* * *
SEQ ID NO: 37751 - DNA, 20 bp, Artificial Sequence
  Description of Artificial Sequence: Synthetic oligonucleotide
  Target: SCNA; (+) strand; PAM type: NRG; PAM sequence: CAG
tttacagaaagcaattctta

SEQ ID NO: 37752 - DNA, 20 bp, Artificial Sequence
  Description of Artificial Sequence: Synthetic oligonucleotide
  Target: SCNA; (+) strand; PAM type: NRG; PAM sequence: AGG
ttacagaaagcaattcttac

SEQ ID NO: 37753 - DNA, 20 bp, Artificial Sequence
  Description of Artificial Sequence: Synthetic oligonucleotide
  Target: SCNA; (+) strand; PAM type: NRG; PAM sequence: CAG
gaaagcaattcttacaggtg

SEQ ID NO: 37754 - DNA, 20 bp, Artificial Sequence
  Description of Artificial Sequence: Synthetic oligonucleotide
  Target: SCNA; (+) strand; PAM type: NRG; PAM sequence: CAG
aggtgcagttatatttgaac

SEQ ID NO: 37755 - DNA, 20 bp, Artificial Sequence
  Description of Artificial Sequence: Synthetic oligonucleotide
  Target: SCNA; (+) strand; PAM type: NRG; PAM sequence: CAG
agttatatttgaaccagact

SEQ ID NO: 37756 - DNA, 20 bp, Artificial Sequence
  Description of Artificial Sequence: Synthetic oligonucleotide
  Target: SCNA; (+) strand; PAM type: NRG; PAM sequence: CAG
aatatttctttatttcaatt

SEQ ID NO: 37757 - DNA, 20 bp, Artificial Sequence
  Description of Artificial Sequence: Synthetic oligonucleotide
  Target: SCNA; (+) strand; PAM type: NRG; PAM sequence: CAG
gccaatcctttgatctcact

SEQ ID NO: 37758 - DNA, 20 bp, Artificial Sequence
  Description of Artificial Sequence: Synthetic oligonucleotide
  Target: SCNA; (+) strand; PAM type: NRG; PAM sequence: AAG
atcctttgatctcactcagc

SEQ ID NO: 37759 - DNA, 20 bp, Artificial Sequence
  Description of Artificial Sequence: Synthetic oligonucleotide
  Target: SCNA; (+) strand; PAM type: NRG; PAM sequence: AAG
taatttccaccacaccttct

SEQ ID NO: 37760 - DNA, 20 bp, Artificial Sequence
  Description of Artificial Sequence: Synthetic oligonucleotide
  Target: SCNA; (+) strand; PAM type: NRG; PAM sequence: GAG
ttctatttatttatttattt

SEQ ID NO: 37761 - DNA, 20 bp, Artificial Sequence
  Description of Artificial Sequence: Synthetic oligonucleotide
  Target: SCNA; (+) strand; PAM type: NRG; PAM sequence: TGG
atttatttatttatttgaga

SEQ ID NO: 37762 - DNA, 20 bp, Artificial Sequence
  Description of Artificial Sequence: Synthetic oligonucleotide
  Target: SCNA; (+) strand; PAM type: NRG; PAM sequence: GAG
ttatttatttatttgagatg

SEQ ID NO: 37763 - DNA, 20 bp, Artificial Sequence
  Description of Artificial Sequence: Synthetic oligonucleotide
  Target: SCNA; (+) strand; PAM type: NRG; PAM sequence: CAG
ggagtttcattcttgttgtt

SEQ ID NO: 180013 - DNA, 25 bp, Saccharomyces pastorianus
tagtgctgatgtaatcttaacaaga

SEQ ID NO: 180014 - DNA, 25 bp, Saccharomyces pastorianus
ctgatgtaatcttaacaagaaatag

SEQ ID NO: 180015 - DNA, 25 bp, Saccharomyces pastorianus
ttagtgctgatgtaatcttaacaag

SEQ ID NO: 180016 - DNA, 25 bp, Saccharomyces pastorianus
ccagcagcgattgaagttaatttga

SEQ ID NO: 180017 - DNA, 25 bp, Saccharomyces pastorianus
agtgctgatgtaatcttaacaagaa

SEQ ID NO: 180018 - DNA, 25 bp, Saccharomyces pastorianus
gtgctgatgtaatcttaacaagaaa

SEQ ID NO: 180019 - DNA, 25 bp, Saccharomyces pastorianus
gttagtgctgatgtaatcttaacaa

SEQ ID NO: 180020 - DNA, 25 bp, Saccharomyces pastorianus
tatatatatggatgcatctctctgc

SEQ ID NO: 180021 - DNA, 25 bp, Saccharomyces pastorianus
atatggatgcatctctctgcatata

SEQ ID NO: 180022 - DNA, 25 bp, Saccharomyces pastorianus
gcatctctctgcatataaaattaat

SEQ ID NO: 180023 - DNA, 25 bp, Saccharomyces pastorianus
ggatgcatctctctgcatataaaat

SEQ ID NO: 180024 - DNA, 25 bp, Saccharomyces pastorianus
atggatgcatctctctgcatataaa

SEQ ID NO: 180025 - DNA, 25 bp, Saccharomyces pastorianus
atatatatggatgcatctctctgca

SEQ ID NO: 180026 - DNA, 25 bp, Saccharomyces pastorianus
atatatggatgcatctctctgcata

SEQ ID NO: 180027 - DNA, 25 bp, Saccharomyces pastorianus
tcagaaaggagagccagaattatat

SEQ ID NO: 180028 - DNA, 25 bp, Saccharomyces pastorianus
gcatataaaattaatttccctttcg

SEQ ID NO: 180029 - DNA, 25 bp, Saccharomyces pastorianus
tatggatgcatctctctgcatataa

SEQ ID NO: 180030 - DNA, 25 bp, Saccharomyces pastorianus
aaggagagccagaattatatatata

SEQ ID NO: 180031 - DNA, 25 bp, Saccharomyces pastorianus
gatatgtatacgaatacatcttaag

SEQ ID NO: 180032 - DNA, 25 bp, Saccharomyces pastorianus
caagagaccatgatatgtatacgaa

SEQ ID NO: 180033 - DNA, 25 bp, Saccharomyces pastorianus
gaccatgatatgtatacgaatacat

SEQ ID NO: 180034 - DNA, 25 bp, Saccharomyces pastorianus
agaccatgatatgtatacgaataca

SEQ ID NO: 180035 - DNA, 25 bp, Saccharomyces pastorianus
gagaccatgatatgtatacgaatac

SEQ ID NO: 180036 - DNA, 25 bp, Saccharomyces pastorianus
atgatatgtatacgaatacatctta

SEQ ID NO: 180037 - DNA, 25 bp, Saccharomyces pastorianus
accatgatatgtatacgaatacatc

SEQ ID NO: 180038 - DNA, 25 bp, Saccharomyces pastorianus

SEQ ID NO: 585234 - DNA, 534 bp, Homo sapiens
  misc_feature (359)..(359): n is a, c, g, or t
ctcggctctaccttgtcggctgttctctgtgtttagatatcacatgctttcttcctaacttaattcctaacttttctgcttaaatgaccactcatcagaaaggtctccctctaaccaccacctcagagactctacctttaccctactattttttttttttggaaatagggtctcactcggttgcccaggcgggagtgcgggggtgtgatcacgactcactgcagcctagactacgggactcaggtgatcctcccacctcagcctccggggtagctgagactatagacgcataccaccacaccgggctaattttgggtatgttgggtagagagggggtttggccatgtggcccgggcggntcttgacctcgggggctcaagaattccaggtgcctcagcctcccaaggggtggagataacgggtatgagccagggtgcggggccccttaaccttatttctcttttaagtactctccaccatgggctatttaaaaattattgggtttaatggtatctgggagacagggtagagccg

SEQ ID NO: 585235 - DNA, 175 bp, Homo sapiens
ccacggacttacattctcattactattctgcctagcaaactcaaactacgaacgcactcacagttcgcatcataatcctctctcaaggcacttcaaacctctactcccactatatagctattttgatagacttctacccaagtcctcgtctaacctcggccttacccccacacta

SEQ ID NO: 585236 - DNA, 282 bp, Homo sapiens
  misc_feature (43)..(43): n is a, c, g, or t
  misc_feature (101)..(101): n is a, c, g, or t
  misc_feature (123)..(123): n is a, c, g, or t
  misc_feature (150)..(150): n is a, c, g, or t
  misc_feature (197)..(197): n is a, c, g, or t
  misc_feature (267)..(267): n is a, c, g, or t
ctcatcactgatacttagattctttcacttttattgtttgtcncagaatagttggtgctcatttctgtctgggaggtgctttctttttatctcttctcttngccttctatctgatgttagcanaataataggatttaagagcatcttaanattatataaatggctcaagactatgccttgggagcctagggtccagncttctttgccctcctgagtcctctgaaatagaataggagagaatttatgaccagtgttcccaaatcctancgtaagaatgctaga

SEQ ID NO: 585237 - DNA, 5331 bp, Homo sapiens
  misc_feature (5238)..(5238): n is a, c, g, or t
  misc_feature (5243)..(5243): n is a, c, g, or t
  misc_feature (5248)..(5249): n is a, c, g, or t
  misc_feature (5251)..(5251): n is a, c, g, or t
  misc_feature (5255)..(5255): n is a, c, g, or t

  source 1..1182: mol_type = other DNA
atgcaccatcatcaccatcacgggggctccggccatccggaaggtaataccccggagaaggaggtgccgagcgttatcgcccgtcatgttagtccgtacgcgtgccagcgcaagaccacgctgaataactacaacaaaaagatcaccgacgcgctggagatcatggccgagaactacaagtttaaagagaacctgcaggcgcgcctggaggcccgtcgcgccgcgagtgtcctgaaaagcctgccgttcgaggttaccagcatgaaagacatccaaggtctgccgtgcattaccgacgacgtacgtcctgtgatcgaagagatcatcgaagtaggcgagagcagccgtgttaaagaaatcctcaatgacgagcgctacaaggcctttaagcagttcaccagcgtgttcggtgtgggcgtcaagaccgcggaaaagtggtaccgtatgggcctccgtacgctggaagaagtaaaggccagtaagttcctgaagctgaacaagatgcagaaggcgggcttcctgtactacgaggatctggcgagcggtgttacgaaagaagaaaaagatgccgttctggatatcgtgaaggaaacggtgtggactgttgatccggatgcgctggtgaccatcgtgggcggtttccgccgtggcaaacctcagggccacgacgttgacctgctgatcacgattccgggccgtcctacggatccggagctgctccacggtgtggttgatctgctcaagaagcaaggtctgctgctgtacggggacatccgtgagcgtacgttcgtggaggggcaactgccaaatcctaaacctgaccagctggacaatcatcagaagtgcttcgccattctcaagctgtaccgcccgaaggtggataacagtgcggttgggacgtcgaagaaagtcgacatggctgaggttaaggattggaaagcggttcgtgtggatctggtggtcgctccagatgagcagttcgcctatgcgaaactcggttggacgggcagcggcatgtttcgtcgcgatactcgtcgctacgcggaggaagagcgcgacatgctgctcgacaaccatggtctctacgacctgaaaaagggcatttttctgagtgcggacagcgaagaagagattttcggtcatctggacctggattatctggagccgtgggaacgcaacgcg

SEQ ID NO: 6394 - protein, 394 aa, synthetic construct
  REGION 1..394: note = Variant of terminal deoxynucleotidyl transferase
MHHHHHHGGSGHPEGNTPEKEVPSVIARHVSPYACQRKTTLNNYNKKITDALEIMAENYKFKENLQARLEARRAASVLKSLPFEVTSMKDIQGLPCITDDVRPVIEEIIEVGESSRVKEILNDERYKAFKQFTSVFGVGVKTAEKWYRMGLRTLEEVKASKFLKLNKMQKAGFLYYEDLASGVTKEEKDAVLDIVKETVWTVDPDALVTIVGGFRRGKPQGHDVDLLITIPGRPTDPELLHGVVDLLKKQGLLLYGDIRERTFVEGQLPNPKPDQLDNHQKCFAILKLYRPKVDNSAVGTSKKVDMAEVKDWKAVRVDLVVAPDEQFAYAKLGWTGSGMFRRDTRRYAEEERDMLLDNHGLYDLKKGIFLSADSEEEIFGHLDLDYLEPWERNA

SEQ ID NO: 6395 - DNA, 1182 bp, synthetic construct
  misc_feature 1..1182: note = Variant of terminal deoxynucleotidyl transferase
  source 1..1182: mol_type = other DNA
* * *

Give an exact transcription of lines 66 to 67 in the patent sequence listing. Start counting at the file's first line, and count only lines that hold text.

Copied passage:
gttagtgctgatgtaatcttaacaa

SEQ ID NO: 180020 - DNA, 25 bp, Saccharomyces pastorianus